Goddard, Stephen B. Getting There: The Epic Struggle between Road and Rail in the American Century, Basic Books, 1994
    Hanson, S. and Giuliano, G. editors (2004). The Geography of Urban Transportation, Third Edition. The Guilford Press. ISBN 1-59385-055-7.
    Kwitny, Jonathan, "The Great Transportation Conspiracy: a juggernaut named desire," Harper's, February 1981, pp. 14–15, 18, 20, 21
    Kunstler, James Howard (1994). The Geography of Nowhere: The Rise and Decline of America's Man-Made Landscape. Free Press. ISBN 0-671-88825-0.
    Norton, Peter D. Fighting Traffic: The Dawn of the Motor Age in the American City, MIT Press, 2008. ISBN 0-262-14100-0
    Snell, Bradford C. American Ground Transport: A Proposal for Restructuring the Automobile, Truck, Bus and Rail Industries. Report presented to the Committee of the Judiciary, Subcommittee on Antitrust and Monopoly, United States Senate, February 26, 1974, United States Government Printing Office, Washington, 1974, pp. 16–24.
    Slater, Cliff (1997). "General Motors and the Demise of Streetcars," Transportation Quarterly 51. [1] Puts forth the argument that the streetcar was eliminated by the market.
    Thompson, Gregory Lee (1993). The Passenger Train in the Motor Age: California's Rail and Bus Industries, 1910–1941. Ohio State University Press, Columbus, OH. ISBN 0-814-20609-3.

    "The Great GM Conspiracy Legend: GM and the Red Cars", Stan Schwarz
    "Conflict of Transportation Competitors", Akos Szoboszlay
    "The StreetCar Conspiracy: How General Motors Deliberately Destroyed Public Transit", Bradford Snell
    "Paving the Way for Buses – The Great GM Streetcar Conspiracy, Part I – The Villains", Guy Span, baycrossings.com, "Part II - The Plot Clots", Guy Span, baycrossings.com
    "Did General Motors destroy the LA mass transit system?", The Straight Dope, 10-Jan-1986
    "Clang Clang Clang Goes the Trolley, Part II", Tim Hendrix, L.A. Nocturne, June 26, 2003
    "Street Railways: ‘U.S. vs. National City Lines’ Recalled", Paul Matus, The Third Rail, September 1974
    "Taken for a Ride", Jim Klein and Martha Olson - a 55-minute film first shown on PBS in August 1996
    "Taken for a Ride", Jim Klein and Martha Olson - Free on YouTube

  13. Demise of street railways further complicated, particularly in big cities, by political corruption. Politicians "privatized" many of the lines in exchange for kickbacks to help build big city political machines.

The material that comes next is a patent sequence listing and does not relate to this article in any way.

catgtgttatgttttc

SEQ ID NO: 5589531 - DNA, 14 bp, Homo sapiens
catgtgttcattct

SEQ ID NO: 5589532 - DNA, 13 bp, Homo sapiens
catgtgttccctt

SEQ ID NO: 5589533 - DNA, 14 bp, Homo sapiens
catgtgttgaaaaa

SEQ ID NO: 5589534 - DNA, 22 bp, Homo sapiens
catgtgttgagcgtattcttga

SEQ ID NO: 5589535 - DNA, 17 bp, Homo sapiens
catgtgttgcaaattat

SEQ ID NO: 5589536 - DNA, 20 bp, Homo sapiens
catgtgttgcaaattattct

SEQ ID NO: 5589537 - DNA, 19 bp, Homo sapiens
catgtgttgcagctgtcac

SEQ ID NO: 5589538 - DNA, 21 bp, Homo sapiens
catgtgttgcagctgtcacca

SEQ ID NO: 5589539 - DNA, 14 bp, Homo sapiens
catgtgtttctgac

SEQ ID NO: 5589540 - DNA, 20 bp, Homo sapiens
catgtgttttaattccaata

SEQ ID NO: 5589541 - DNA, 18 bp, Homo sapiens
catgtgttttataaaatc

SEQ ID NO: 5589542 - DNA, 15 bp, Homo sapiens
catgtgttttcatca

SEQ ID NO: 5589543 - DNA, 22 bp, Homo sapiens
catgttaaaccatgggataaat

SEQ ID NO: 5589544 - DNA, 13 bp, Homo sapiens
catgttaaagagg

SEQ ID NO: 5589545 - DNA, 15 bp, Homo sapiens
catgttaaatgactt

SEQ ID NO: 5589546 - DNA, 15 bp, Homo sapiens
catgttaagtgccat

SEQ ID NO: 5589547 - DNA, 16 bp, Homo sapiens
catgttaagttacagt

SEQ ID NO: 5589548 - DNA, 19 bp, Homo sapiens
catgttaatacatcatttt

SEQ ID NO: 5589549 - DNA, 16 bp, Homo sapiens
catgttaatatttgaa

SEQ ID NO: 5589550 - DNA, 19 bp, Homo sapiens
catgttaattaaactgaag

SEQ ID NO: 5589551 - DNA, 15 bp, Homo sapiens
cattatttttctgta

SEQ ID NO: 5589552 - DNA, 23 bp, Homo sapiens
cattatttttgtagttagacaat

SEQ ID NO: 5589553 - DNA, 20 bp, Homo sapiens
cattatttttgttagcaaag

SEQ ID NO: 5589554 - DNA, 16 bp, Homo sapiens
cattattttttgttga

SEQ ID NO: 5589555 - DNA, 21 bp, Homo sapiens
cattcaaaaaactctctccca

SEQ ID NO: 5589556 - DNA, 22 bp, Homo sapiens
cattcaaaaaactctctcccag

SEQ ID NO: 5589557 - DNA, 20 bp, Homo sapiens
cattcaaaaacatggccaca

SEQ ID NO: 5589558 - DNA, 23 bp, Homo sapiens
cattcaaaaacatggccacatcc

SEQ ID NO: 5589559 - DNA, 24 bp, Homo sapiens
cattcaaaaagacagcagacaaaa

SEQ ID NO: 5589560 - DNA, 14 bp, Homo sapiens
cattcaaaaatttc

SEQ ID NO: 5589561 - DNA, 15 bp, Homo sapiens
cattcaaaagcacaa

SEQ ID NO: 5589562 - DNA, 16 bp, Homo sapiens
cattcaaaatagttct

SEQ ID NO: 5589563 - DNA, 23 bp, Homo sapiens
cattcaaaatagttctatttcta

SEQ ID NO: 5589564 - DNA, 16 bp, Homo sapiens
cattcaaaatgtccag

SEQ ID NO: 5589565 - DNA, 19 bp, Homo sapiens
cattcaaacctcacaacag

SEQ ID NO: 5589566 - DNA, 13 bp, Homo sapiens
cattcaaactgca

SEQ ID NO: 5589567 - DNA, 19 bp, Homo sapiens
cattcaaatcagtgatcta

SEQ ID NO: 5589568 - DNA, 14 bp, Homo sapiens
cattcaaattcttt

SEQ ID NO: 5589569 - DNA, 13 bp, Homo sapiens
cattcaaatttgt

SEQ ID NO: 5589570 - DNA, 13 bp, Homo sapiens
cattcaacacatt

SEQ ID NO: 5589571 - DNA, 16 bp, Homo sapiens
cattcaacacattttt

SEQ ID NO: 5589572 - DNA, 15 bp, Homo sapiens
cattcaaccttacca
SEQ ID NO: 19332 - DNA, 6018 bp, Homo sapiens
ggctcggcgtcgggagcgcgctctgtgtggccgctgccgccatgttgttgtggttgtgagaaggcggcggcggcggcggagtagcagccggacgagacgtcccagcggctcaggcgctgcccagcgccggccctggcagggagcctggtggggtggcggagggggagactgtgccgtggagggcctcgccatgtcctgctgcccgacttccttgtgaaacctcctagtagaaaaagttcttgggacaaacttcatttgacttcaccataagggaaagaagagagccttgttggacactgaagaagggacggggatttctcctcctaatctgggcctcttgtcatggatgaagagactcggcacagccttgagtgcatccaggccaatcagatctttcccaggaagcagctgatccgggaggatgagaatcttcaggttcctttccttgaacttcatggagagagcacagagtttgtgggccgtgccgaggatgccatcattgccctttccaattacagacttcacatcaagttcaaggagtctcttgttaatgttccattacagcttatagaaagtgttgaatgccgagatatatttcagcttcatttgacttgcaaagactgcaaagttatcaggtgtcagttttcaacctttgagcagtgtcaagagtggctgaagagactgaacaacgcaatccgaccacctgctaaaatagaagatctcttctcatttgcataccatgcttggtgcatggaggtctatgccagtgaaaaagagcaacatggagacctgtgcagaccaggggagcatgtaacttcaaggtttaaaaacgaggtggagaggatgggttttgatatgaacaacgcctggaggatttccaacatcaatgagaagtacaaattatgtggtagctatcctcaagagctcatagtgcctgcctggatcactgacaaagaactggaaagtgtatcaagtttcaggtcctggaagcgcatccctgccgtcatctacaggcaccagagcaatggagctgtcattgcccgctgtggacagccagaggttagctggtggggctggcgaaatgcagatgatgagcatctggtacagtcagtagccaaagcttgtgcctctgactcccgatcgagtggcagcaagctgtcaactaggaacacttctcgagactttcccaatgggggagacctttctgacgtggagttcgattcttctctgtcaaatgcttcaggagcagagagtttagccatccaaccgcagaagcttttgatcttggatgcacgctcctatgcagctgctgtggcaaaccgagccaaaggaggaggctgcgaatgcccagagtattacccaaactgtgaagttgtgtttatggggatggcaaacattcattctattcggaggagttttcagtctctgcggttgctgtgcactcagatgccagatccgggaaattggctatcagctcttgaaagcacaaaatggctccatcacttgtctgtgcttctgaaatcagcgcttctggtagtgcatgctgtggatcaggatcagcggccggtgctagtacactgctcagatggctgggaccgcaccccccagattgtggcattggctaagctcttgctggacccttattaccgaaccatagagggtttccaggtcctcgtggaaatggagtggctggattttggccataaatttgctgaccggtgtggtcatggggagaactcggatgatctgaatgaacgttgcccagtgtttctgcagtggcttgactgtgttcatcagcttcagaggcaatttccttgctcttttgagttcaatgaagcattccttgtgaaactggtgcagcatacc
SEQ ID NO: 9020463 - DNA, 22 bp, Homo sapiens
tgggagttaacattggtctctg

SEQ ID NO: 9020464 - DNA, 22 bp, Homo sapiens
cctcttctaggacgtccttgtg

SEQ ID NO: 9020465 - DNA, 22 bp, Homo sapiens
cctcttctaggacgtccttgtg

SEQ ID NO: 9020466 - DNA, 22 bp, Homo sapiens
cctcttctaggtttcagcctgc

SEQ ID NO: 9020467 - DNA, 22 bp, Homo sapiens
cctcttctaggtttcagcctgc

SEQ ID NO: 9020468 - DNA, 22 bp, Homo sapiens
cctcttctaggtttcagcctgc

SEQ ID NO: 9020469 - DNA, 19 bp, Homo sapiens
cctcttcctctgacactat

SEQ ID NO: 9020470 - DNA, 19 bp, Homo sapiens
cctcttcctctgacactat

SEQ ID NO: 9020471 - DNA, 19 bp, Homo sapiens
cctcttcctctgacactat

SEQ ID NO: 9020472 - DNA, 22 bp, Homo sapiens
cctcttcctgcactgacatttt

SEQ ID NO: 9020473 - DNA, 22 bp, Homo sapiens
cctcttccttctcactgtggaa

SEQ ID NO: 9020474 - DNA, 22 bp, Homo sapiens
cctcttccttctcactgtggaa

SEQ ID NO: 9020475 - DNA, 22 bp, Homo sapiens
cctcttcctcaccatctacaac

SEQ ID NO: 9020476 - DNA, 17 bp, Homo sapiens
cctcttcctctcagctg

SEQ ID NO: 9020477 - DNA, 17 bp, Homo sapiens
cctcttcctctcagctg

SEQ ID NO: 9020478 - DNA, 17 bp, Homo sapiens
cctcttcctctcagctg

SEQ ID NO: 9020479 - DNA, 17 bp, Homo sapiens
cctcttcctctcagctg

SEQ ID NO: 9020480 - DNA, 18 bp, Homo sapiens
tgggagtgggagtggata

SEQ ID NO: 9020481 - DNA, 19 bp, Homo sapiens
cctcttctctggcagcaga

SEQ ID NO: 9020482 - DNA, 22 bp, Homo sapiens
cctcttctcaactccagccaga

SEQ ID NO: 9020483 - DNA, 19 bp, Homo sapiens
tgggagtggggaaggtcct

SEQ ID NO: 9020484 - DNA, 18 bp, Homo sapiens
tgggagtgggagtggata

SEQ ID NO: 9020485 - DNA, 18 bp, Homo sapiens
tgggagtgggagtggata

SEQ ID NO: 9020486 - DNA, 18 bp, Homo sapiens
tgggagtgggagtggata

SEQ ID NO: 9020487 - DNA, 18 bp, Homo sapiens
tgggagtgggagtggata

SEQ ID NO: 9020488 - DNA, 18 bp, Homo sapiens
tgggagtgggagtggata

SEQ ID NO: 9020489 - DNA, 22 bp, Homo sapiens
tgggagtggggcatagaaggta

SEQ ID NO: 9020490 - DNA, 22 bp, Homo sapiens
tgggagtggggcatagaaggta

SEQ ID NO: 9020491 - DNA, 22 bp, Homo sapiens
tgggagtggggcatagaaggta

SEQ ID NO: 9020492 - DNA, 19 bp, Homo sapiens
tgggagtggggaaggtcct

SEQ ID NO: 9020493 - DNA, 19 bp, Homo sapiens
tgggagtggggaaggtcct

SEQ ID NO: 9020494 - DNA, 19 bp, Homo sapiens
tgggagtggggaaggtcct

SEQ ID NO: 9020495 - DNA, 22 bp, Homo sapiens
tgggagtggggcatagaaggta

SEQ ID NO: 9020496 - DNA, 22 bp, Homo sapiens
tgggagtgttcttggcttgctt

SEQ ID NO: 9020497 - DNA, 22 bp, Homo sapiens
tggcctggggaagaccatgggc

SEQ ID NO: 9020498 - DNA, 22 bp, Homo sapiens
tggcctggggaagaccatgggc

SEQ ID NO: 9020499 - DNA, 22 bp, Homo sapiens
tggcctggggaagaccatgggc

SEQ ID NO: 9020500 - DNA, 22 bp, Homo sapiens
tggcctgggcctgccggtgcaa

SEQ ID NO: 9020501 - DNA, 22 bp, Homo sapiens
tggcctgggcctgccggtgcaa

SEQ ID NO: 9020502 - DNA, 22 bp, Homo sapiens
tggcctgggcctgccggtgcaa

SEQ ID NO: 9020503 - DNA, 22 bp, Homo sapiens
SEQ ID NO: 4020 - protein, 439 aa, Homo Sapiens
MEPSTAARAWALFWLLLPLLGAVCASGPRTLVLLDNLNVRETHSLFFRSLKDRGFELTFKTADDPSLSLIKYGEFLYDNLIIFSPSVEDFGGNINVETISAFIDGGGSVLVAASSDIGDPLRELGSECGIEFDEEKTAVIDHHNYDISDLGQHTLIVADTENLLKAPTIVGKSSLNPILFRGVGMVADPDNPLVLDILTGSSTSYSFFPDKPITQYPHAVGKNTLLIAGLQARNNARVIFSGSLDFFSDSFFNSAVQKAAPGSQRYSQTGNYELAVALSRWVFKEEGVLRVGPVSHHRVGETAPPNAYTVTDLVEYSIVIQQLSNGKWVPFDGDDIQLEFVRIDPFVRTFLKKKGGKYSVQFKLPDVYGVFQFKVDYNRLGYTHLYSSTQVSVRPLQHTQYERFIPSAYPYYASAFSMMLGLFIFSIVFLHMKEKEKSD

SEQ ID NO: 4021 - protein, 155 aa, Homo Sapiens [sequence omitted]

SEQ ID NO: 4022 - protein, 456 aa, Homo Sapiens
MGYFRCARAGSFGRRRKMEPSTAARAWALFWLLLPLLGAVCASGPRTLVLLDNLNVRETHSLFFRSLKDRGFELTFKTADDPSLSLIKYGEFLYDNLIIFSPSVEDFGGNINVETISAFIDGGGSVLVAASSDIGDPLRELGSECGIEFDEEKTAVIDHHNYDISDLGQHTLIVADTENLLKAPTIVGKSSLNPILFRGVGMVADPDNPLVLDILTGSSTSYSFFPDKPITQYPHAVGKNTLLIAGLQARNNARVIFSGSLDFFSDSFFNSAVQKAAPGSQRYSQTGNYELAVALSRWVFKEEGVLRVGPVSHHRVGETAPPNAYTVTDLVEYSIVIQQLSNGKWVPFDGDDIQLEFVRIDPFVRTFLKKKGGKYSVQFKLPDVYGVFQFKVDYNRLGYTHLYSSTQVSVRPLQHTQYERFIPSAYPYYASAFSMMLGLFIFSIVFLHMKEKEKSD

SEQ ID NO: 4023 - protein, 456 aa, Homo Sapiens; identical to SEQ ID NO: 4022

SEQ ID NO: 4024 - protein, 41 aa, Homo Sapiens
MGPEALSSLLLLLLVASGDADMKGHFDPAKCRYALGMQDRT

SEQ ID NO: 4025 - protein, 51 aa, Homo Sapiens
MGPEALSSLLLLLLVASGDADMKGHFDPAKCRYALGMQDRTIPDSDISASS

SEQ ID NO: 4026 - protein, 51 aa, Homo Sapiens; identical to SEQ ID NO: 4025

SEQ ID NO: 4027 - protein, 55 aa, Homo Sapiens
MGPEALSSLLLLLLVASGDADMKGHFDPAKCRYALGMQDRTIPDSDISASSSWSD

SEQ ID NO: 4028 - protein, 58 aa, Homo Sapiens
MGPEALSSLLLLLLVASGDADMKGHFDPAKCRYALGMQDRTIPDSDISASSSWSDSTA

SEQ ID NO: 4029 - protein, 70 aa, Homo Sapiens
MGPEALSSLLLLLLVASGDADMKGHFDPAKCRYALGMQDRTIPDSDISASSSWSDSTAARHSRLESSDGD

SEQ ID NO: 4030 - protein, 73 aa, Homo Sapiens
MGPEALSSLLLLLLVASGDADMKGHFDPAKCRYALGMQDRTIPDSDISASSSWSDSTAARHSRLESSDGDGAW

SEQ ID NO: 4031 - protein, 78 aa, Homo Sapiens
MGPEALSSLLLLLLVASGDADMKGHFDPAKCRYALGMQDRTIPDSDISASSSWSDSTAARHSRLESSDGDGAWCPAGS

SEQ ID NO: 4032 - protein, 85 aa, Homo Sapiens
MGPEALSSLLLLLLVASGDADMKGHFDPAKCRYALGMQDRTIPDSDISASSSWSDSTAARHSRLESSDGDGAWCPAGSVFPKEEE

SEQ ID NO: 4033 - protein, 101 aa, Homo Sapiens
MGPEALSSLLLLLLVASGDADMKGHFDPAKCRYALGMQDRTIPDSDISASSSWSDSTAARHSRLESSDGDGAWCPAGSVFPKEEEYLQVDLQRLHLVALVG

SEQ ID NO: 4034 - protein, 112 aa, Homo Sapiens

So, as service on the formerly public lines deteriorated, politicians could point the finger at the private firms, even campaigning on the issue, while in reality picking up millions through the back door.

  14. By the way, I don’t take public transportation and I don’t necessarily favor commuter rail, which probably doesn’t return any more than 60-70 percent of its cost on the best-used lines.

    Still, I believe it’s always useful when thinking about the future to examine how we got here in the first place. It’s usually based on earlier decisions, right or wrong or somewhere in between, such as subsidizing highways with billions of dollars and raising billions more in road and fuel taxes in favor of highways. That wasn’t an inevitable outcome, just a choice, made by lots of people with lots of business and personal interests at stake.

    Is it irrevocable? I don’t know, but it’s certainly worth thinking about in a debate whether to likewise heavily subsidize another form of transportation.

    Both forms of transportation are examples of socialism, the state providing services that private concerns cannot, either because of the expense, the lack of return, or the magnitude of the undertaking. The question is whether we want one or the other, or a mix of both, and how much the public’s willing to pay to support them.

    These are good questions, but one thing isn’t inherently evil and another inherently good.

    There’s no real philosophical difference between lavish government spending for a highway system or for Amtrak or for commuter rail.